At the New York Times, Elif Batuman has a long and absorbing article on the trial over Kafka’s manuscripts: “It’s impressive that [Kafka’s] sisters had between them four lawyers, although, to put things in perspective, Josef K. at one point meets a defendant who has six.”
In the late fifties, an old flame of Samuel Beckett, Ethna MacCarthy, fell ill and died of throat cancer in Dublin. Around this time, female voices began to enter Beckett’s work, which up until that point had featured almost exclusively male characters. Was there a connection? In a review of a new edition of Beckett’s letters, Fintan O’Toole suggests that there was. You could also read Elizabeth Winkler on the author’s bilingual oeuvre.
Like writing personal essays? Want to get one published on The Hairpin? Sign up for the Skillshare class Writing Personal Essays that Get Read (taught by Friendship author and Year in Reading alum Emily Gould) and you might have your essay chosen for a feature on the site. The class is included with Skillshare membership ($10 per month). Better yet: the first 50 readers of The Millions to click here can sign up for free.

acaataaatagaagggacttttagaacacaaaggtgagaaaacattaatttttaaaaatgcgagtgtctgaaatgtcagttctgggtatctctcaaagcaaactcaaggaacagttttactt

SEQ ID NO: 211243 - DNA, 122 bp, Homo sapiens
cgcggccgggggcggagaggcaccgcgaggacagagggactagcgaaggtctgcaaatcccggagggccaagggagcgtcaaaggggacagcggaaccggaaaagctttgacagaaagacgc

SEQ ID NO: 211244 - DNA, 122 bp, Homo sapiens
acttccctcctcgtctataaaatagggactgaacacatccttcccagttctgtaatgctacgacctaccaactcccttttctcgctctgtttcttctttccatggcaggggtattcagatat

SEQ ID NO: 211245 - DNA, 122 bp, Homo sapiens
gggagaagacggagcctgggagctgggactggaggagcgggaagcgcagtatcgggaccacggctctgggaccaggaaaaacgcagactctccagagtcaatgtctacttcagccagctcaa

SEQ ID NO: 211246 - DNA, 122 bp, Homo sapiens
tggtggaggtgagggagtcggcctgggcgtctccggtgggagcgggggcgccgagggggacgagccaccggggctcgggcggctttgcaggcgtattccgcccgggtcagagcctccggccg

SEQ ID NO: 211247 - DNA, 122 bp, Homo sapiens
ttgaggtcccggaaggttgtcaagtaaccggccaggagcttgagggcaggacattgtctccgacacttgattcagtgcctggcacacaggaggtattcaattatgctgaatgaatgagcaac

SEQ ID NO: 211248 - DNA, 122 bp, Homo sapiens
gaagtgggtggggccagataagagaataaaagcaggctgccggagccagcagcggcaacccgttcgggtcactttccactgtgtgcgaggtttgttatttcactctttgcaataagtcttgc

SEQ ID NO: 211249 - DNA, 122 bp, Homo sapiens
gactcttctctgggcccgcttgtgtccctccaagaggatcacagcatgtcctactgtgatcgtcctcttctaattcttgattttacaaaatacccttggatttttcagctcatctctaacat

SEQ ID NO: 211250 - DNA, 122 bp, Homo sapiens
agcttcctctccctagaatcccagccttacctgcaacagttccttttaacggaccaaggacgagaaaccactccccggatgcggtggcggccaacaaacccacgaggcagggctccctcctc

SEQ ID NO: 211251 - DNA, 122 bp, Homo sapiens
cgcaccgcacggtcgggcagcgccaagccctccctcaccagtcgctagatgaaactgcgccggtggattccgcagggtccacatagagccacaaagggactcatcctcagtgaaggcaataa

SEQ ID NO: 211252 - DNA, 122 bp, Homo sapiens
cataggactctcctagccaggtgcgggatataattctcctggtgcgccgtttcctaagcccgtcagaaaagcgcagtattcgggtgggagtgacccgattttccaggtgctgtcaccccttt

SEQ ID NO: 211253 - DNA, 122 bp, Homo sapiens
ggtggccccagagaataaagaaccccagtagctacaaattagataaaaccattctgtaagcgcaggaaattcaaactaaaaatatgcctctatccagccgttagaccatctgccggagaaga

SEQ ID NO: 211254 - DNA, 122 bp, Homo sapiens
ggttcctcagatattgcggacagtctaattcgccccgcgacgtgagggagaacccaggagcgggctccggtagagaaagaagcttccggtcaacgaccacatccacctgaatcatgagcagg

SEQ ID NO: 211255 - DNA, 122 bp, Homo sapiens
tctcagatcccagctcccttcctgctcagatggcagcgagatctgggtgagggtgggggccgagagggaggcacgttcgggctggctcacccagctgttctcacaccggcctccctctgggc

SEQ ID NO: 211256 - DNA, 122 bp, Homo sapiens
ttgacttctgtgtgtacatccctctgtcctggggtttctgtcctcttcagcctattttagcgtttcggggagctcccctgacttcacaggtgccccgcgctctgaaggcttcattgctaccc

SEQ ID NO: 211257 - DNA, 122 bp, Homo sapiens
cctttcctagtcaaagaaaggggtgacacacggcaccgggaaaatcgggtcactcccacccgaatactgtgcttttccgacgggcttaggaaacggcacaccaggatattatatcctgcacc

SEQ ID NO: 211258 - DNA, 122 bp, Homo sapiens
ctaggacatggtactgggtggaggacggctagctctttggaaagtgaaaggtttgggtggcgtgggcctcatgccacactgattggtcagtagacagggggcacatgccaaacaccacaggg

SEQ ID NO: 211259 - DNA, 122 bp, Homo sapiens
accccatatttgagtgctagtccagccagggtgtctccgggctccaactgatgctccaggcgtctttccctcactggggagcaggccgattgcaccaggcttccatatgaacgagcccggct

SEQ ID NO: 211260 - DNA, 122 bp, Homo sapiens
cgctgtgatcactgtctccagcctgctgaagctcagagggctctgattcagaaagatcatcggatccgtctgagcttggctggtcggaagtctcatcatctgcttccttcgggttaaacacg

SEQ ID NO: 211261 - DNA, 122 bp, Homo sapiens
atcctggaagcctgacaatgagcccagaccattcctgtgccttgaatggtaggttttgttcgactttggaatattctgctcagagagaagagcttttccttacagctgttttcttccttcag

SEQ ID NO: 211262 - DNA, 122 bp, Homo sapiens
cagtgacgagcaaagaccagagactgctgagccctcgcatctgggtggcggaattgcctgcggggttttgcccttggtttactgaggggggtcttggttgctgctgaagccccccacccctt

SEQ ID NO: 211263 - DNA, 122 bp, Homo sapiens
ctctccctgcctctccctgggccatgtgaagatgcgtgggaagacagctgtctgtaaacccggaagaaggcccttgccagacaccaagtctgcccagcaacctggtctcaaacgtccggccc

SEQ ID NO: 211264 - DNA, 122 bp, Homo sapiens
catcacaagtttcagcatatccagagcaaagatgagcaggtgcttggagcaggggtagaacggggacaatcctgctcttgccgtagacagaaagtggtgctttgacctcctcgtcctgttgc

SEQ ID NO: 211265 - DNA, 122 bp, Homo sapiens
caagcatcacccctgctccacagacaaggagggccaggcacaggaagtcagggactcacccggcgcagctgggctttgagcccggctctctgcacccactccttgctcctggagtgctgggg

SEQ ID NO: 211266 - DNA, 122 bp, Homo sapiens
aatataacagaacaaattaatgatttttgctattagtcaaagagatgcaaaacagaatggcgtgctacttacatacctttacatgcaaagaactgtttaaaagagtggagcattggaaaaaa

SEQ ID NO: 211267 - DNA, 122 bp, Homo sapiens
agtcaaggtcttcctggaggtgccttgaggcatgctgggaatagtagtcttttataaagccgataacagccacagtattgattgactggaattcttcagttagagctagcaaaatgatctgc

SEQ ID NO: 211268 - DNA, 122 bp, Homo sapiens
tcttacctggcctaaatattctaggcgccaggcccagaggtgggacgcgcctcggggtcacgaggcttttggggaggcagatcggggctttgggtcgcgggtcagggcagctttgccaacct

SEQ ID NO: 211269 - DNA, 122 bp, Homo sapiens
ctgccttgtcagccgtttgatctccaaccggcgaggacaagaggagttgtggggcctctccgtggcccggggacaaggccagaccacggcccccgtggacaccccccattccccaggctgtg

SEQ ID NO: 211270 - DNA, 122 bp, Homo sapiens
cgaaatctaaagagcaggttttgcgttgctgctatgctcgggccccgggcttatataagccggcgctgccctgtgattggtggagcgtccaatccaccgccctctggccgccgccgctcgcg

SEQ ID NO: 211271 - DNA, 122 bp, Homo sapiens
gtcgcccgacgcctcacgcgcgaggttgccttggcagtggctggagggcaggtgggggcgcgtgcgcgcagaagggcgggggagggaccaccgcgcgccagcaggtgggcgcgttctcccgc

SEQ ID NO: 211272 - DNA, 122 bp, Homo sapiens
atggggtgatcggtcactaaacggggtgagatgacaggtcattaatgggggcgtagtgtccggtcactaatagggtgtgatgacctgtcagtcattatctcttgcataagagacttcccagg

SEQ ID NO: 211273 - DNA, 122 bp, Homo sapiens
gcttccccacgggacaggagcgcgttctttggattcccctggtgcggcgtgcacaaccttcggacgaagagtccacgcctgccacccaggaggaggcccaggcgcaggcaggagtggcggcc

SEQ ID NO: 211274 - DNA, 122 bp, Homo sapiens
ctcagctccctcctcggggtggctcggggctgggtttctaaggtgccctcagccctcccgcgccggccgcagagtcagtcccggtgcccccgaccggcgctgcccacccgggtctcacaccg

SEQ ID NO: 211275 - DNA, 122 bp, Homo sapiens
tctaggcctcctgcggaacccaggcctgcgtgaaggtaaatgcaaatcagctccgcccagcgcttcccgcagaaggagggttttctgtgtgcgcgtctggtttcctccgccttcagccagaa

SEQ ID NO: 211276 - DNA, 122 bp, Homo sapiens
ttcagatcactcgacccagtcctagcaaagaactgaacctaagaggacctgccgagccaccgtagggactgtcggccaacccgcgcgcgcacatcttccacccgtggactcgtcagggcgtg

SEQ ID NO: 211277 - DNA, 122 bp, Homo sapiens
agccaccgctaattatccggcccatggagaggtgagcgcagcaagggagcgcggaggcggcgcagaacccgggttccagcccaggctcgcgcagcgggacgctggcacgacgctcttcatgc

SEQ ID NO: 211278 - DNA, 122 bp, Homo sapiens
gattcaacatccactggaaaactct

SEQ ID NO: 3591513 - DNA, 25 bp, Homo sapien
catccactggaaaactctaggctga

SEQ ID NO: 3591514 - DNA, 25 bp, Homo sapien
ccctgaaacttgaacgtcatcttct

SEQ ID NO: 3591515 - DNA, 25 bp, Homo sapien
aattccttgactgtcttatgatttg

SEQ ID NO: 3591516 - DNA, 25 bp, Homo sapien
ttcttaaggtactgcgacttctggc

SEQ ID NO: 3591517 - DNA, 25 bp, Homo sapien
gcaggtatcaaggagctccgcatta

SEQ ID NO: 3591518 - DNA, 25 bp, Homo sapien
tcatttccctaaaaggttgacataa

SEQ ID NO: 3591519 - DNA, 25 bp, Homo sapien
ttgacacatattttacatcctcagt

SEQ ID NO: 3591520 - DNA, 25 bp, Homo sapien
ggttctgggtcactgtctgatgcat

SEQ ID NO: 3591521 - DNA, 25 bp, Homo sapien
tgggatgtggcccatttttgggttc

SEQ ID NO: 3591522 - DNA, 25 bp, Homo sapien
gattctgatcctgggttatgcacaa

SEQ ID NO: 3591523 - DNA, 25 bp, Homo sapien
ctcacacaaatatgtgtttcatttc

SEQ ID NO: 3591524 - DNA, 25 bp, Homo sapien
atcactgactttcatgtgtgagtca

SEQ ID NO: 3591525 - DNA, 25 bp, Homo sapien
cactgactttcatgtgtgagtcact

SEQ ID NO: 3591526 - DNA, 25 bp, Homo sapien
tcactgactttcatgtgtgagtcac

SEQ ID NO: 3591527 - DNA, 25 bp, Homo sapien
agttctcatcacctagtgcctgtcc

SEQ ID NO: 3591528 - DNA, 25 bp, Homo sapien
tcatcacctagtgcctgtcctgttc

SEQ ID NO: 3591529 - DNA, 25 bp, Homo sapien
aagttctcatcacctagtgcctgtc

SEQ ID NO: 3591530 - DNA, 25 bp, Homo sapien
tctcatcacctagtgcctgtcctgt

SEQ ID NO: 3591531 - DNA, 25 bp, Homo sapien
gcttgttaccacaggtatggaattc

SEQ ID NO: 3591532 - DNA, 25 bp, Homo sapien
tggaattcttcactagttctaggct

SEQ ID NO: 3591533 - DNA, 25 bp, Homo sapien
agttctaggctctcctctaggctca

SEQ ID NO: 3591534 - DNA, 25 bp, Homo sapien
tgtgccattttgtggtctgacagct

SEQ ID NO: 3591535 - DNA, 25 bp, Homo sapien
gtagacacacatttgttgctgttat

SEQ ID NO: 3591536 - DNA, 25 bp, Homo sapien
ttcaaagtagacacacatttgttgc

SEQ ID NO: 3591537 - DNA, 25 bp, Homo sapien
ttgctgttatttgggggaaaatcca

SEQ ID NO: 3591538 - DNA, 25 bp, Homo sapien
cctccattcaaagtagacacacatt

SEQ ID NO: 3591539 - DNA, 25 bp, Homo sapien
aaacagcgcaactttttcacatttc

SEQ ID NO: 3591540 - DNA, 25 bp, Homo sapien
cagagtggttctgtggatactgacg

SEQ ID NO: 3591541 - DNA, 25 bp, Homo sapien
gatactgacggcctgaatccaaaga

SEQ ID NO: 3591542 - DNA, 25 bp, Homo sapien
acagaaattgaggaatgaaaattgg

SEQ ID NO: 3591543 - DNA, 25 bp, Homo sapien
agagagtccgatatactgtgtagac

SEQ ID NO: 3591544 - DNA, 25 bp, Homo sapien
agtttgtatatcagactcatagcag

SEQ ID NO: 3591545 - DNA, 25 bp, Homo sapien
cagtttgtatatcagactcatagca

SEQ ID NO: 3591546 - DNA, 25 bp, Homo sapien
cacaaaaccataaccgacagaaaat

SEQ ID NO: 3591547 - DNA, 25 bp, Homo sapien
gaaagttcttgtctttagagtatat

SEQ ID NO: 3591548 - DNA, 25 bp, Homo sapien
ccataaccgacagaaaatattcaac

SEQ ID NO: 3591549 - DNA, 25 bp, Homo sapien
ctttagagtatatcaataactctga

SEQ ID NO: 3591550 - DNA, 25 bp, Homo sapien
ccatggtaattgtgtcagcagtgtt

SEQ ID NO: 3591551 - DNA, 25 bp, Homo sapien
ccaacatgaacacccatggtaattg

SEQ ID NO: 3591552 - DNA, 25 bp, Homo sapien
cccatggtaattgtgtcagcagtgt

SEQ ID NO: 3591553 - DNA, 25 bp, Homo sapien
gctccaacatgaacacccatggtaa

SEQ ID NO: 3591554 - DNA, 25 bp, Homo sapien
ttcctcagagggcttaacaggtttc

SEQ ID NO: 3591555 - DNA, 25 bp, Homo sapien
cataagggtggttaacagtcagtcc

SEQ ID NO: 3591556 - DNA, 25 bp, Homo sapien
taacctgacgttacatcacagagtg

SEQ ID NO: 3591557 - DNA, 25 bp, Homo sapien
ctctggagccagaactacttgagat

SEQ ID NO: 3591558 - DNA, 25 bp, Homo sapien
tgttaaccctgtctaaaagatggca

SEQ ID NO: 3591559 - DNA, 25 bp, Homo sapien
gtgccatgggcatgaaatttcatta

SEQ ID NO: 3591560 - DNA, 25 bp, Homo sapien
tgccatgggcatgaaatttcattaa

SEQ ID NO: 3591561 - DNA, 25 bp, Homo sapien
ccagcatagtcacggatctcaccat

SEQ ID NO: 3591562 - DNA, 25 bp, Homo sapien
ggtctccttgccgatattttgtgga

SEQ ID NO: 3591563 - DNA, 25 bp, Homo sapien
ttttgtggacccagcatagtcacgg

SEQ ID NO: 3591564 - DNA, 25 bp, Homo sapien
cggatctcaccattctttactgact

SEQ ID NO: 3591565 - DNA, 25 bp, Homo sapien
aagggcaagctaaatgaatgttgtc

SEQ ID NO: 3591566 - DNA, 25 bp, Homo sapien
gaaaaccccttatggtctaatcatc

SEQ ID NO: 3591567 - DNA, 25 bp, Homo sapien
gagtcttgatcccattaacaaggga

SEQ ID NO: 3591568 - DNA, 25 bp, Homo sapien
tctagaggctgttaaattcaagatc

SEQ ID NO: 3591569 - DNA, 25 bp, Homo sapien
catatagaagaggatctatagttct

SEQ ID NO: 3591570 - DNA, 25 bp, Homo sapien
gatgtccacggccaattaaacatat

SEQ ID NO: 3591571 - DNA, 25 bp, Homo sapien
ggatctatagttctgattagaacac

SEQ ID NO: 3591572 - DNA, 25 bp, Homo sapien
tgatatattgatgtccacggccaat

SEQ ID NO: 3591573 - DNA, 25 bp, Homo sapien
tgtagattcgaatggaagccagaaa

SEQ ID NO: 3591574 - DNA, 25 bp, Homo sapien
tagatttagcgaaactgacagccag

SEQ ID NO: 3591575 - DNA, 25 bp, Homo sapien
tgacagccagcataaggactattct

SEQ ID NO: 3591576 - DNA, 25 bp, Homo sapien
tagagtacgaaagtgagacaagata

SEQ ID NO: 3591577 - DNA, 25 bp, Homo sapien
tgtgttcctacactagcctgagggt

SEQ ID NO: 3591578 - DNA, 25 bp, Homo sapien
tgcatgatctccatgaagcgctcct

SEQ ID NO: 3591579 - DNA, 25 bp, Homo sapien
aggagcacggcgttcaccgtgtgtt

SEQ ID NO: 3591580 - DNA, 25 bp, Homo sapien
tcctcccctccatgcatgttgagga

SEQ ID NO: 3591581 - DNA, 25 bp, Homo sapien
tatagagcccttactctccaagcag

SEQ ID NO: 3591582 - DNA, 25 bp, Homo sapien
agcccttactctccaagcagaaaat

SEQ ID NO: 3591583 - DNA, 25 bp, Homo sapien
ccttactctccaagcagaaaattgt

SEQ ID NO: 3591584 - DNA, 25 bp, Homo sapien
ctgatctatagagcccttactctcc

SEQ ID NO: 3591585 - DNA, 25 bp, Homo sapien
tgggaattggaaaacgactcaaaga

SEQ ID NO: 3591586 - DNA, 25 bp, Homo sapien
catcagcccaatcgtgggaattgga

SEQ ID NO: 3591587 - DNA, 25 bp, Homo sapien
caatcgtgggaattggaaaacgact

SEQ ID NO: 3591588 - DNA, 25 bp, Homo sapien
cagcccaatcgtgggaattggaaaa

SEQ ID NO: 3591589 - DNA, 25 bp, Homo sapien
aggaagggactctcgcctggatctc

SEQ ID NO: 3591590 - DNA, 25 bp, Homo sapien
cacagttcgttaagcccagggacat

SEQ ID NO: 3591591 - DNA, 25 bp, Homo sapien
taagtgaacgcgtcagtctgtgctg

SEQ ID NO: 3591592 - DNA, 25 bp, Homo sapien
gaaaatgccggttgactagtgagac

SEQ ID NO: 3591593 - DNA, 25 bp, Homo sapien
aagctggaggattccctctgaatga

A charming doodle of the beautiful connecting covers for mid Clarice Lispector’s four soon-to-be-released novels. You can also buy a poster of the original from New Directions. And given how much Carolyn Kellogg enjoyed them, mentally shelving the Brazilian author beside Kafka and Joyce, and of course based on the near infinite readability of The Hour of the Star, I’m wondering if this will be the year of Lispector.
Ben Lerner has a story [subscription required] in this week’s New Yorker that, like his debut novel Leaving the Atocha Station, features a protagonist named The Author. The magazine interviewed Lerner about the invitation to blur his fiction with his autobiography. He says that his work in an exercise in “activating those questions in peculiar ways—but the questions, not the answers, are what strike me as interesting.”